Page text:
It seems you’re using a browser that is a little past its time and our website might not be able to perform as it should.
If you’d like to have the best experience on WellingtonNZ.com, you can easily update your browser to get the most out of our website and many more for that matter.'
By India• 10 Jul 2019 • 1 Comments
Sunil Balu is a craft beer aficionado and unofficial head of the “Indian Mafia”. After eight years as liquor manager at New World Thorndon, he recently took on a sales and marketing role for Baylands Brewing in Petone. Here, he shares his favourite Wellington watering holes and teaches us how to make the most of next month’s Beervana festival.
Wellington is a bit like the old TV programme Cheers. You can go into any bar and know people. You know the people behind the bar, and everyone acknowledges you. Even if I just go in for a quiet half pint, nine times out of ten, I’ll see someone I wanted to catch up with. LBQ, Fork & Brewer, HUSK and Rogue & Vagabond are all good ones. Malthouse is usually the finisher at the end of the night, because it’s on Courtenay Place, so it’s easy to get an Uber or bus home.
There’s a core group of about six of us that hang together. People call us the Indian Mafia. We go on road trips to play hockey or golf or whatever, and one of our first jobs is always to see where a good craft beer place is that we can visit. We love that sort of stuff, and we look after each other. If you feel like someone’s had a bit too much, you pull him aside and give him some food. Too many groups go out and just cut people and leave them to their own devices, which doesn’t help anybody.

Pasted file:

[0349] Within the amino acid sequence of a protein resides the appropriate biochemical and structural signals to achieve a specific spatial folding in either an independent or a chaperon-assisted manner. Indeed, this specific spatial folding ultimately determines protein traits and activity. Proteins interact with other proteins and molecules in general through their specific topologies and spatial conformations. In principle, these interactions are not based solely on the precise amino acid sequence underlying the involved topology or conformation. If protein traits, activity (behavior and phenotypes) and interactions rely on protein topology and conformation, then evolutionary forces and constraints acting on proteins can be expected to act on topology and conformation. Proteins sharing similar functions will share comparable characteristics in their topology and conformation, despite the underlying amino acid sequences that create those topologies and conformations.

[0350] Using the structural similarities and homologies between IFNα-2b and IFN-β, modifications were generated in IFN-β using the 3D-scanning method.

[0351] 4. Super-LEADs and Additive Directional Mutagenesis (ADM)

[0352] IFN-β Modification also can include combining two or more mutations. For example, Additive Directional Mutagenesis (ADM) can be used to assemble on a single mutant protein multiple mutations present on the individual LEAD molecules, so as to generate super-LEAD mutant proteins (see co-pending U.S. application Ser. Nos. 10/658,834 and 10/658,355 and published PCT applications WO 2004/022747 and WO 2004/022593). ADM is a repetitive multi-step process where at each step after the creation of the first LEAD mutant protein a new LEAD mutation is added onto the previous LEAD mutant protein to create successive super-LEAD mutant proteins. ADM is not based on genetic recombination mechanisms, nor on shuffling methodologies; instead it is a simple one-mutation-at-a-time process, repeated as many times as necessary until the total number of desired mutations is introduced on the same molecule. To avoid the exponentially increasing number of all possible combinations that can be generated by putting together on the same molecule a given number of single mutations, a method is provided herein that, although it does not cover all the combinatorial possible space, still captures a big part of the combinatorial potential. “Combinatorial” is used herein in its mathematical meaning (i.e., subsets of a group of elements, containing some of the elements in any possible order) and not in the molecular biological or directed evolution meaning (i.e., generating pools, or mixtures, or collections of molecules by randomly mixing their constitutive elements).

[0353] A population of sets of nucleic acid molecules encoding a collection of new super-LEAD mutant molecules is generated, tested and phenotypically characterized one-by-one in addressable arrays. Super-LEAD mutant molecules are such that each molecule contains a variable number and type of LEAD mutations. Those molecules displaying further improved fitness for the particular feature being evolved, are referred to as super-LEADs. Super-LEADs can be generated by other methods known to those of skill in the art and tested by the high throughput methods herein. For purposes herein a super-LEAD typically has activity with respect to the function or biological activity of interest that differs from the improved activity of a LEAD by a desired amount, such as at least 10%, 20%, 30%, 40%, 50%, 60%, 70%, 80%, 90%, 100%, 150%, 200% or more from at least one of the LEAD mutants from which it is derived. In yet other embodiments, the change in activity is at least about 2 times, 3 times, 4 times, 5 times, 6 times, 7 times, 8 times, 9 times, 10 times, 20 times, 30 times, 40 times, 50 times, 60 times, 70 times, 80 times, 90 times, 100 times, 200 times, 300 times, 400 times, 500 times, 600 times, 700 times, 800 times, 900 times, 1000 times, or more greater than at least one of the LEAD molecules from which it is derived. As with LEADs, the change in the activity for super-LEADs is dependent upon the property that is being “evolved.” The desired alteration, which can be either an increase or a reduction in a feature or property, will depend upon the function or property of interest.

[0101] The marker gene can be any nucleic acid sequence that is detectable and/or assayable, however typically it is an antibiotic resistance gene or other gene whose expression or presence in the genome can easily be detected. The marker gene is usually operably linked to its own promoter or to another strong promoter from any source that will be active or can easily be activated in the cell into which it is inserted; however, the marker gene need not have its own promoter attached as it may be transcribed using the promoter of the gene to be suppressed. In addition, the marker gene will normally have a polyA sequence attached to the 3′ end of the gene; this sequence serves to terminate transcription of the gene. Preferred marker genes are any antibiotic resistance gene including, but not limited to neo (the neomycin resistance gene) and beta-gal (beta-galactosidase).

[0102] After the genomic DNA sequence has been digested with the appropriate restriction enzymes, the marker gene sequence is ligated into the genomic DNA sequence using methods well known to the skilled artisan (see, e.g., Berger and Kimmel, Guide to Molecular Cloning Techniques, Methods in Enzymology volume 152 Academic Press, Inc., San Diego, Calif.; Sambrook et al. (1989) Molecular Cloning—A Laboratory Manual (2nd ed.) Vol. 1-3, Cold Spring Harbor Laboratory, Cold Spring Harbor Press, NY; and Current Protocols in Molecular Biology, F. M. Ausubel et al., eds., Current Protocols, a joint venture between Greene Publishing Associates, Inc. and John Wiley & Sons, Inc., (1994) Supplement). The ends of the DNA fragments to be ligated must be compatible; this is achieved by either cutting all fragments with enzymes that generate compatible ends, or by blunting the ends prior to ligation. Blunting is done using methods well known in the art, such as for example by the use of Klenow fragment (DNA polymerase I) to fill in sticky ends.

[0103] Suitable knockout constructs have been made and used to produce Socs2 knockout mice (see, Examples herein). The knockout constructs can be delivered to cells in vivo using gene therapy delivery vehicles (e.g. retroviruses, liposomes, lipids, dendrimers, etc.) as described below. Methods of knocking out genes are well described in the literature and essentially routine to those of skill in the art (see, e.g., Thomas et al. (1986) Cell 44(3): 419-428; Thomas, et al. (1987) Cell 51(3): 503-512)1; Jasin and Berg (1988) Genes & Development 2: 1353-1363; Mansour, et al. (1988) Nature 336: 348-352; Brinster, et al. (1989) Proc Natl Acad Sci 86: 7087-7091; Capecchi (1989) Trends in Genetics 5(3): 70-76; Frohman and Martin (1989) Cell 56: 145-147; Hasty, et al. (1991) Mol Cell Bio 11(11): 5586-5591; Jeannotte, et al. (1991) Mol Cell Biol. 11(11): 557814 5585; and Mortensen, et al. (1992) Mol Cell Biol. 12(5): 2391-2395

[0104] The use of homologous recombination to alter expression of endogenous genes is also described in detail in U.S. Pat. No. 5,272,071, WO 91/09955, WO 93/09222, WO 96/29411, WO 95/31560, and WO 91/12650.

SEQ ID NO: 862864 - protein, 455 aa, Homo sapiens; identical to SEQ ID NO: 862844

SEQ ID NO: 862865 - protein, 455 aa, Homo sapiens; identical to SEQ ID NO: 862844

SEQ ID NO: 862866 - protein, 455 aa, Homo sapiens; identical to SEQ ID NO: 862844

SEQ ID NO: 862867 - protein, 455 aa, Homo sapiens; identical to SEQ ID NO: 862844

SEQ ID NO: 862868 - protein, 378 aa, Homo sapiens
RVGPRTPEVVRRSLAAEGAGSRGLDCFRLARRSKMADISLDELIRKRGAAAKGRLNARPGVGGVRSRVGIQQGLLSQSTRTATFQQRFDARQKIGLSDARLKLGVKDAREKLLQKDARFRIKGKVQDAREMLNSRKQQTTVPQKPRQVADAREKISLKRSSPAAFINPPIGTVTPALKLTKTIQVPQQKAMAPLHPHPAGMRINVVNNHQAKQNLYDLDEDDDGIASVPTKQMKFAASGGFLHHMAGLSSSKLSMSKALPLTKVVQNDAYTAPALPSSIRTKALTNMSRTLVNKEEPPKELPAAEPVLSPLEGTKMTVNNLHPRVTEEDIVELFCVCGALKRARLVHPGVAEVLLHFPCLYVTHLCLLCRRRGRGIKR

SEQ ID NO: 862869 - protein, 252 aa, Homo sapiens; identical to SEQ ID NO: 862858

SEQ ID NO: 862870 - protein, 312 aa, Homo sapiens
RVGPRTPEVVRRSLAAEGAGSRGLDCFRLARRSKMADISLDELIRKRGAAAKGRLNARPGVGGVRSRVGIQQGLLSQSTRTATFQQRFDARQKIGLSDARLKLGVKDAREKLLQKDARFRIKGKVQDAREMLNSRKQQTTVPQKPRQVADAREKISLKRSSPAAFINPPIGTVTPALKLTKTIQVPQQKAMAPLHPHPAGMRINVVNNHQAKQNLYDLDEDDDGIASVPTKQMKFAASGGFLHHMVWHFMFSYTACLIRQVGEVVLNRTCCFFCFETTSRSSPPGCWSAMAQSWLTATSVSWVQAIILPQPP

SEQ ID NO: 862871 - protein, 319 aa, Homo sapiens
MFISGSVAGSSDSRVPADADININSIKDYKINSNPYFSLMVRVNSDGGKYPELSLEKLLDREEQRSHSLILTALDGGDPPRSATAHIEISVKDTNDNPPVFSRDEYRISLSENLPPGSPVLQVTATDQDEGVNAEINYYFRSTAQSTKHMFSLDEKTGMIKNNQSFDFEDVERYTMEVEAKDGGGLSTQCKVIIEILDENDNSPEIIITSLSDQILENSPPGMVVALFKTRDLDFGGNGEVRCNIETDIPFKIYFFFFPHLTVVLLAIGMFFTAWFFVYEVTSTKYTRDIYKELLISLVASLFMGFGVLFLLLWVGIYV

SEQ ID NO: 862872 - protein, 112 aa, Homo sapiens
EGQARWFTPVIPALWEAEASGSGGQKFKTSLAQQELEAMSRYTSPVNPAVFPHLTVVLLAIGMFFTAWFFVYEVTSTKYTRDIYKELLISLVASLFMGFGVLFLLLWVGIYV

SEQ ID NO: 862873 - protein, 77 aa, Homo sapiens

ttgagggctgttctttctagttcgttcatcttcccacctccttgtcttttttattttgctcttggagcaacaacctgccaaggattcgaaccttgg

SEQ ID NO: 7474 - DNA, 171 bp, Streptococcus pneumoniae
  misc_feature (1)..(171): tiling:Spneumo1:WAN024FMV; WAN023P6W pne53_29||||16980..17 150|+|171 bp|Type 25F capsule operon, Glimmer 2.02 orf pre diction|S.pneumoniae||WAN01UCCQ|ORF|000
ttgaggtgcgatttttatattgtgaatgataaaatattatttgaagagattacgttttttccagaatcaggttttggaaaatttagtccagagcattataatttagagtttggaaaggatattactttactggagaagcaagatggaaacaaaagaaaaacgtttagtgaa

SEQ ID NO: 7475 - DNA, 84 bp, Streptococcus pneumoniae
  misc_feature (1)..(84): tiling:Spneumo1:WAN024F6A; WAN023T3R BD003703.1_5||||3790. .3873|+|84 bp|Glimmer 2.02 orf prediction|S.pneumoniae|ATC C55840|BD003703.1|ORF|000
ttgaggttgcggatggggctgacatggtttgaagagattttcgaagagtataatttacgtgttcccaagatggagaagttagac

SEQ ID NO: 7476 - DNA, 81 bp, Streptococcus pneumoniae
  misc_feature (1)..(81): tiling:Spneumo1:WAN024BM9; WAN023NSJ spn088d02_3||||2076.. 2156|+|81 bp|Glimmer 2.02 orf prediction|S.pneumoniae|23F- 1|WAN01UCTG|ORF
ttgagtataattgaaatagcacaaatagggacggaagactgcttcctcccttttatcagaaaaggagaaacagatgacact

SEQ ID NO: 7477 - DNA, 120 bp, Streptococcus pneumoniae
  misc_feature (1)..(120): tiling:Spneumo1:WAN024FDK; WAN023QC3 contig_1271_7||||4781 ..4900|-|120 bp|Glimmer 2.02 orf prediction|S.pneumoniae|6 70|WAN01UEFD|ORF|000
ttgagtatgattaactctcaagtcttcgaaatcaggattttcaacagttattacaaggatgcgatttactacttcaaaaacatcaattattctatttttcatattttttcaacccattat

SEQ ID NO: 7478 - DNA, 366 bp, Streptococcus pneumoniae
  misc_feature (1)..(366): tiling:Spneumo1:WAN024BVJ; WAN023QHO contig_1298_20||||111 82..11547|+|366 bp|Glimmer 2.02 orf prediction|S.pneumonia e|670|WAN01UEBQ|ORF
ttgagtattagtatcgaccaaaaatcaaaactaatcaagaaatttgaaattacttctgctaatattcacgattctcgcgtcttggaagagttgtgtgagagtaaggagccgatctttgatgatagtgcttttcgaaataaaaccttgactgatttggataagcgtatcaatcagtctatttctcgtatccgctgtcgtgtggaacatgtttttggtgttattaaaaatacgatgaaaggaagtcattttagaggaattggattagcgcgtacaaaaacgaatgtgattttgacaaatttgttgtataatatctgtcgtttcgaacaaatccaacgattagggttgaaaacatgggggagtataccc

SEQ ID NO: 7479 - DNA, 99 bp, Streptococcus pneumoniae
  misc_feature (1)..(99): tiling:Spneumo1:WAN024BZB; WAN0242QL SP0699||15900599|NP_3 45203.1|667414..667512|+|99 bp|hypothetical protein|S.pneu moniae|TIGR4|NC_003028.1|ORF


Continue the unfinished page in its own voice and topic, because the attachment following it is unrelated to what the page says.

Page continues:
People think Beervana is just a big party, but it’s more than that. If you’re in the industry, it means a lot. The brewers like hearing from people and seeing what they’re looking for. It’s a learning curve for both of us. I first went to Beervana when it was at the Overseas Passenger Terminal. From there, it moved to the Town Hall, and now Westpac Stadium, the Cake Tin. It evolves every year. For the last four years, I’ve struggled to get all the way around the concourse. On a good session, I’ll get two-thirds of the way. Last year, I went to two different sessions, just to make sure I completed it. I usually do the evening sessions – you don’t get into as much trouble when you go home.
Some people are very novice craft-beer drinkers, but they’ll try and hit the big beers. You don’t know you’ve had enough until you’ve had enough. People go too hard, too strong. They go for the bigger beers and think they’re bulletproof, but it ruins the experience for them and sometimes others. Some of us who’ve been around for quite a while have adapted to higher percentages, but we know when to say no, or we’ll go to a lighter beer and then go back to something else.
People give and take in the Wellington beer industry, which is rare. You’ve got the icons of brewing here, people like Kelly Ryan from Fork & Brewer and Tracy Banner from Sprig & Fern. These people are pioneers. They don’t like us saying that, because it ages them … but we’re older than them! These guys are go-tos for a lot of people when they’ve got a problem or want to know how to go about doing something. They share information and knowledge without any baggage involved.
There’s no better place to celebrate craft beer, or ‘beer’ as it is known in Wellington, than at Beervana.